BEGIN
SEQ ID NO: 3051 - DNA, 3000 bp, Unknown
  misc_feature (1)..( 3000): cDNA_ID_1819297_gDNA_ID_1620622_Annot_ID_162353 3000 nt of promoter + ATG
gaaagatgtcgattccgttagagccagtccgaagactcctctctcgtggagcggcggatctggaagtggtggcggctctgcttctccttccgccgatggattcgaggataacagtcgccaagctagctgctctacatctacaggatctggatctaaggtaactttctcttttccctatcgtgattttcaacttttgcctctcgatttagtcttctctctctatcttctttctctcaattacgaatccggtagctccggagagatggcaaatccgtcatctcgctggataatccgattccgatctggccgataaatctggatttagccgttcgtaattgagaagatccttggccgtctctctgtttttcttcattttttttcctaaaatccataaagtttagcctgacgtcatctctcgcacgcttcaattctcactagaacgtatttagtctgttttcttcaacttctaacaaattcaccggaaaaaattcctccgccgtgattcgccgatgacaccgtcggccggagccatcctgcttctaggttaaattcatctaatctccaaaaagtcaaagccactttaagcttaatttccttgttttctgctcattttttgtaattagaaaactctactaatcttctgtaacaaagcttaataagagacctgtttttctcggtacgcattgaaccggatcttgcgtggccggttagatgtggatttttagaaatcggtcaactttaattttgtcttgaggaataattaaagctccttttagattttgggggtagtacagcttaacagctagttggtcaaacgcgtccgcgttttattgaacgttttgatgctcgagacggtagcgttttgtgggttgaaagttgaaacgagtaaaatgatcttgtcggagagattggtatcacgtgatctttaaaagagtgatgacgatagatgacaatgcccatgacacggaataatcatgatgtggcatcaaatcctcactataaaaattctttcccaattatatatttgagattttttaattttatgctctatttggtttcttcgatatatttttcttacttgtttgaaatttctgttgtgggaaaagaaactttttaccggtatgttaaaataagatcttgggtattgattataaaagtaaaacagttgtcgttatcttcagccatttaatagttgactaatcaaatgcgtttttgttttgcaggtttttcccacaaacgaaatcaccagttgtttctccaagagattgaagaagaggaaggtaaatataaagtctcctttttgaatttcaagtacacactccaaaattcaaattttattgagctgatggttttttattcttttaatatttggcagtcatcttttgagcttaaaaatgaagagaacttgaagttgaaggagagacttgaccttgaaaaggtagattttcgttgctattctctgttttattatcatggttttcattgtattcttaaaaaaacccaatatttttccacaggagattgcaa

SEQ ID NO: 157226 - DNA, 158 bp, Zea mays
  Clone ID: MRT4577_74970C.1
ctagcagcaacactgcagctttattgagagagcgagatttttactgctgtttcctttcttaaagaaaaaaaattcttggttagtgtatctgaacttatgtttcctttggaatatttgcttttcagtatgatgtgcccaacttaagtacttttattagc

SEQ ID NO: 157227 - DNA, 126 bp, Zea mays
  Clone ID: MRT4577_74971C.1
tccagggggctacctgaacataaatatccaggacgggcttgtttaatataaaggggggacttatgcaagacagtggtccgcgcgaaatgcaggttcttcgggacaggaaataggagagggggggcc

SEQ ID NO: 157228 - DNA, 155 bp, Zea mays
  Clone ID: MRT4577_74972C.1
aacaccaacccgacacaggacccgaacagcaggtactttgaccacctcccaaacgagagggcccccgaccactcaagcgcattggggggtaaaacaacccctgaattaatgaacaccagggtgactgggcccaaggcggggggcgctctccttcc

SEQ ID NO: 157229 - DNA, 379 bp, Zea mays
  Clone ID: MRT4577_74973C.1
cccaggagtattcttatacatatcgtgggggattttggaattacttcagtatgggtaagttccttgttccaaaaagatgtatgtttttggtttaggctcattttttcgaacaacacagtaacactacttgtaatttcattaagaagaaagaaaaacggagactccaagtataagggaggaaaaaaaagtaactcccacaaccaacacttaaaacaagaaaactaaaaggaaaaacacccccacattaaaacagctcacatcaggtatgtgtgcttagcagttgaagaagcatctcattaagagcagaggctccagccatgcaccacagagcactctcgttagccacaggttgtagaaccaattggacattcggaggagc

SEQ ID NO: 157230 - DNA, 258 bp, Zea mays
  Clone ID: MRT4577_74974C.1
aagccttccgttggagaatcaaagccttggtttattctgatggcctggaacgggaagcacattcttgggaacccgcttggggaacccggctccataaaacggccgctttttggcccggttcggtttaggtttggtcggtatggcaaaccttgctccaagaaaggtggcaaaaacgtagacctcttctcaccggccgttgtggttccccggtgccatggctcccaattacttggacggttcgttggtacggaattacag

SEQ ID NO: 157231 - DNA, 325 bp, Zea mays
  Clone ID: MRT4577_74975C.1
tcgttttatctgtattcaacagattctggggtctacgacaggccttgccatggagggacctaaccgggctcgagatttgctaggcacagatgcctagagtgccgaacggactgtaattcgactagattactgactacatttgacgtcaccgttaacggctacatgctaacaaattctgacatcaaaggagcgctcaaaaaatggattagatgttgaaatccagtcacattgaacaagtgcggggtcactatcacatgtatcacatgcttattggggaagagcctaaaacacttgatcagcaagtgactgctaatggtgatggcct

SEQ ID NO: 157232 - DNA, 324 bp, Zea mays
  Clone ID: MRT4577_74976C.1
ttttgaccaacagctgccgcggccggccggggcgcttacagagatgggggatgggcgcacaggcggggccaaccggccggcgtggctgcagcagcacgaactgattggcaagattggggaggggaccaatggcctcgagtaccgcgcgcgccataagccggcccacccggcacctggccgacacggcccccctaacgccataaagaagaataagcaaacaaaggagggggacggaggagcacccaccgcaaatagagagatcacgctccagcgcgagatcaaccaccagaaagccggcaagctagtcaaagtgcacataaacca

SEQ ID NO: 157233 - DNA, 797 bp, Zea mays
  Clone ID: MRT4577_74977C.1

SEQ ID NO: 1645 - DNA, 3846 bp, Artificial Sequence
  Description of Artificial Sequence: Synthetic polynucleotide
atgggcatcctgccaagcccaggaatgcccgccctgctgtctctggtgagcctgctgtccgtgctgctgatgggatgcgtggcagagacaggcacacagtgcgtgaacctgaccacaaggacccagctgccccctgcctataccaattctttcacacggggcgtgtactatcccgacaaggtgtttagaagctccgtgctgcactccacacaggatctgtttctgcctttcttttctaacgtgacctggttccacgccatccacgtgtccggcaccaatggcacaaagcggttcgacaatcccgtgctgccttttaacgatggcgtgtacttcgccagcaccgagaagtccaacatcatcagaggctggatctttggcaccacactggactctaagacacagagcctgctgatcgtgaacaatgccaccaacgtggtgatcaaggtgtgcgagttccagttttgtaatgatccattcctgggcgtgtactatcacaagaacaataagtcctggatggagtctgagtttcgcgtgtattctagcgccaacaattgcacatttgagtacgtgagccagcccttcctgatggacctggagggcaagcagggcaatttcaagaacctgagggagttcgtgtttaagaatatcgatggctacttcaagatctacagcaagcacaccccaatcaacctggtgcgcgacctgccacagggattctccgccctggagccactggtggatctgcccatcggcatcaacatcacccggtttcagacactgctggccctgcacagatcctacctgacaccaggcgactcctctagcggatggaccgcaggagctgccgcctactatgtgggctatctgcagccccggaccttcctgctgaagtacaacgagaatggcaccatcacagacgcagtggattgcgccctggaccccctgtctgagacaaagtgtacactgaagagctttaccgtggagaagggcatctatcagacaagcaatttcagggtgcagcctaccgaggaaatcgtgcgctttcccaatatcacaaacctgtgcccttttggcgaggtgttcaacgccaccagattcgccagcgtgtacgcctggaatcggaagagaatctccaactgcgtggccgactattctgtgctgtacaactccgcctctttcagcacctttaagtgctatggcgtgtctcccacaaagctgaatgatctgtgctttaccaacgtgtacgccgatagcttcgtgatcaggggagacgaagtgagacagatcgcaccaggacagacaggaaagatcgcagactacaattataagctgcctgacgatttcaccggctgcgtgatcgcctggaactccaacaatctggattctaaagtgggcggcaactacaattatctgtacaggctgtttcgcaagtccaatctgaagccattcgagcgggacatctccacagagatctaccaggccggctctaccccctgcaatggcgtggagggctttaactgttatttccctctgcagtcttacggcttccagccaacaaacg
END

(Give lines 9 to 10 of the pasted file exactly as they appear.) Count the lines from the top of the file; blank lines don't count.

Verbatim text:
tccagggggctacctgaacataaatatccaggacgggcttgtttaatataaaggggggacttatgcaagacagtggtccgcgcgaaatgcaggttcttcgggacaggaaataggagagggggggcc

SEQ ID NO: 157228 - DNA, 155 bp, Zea mays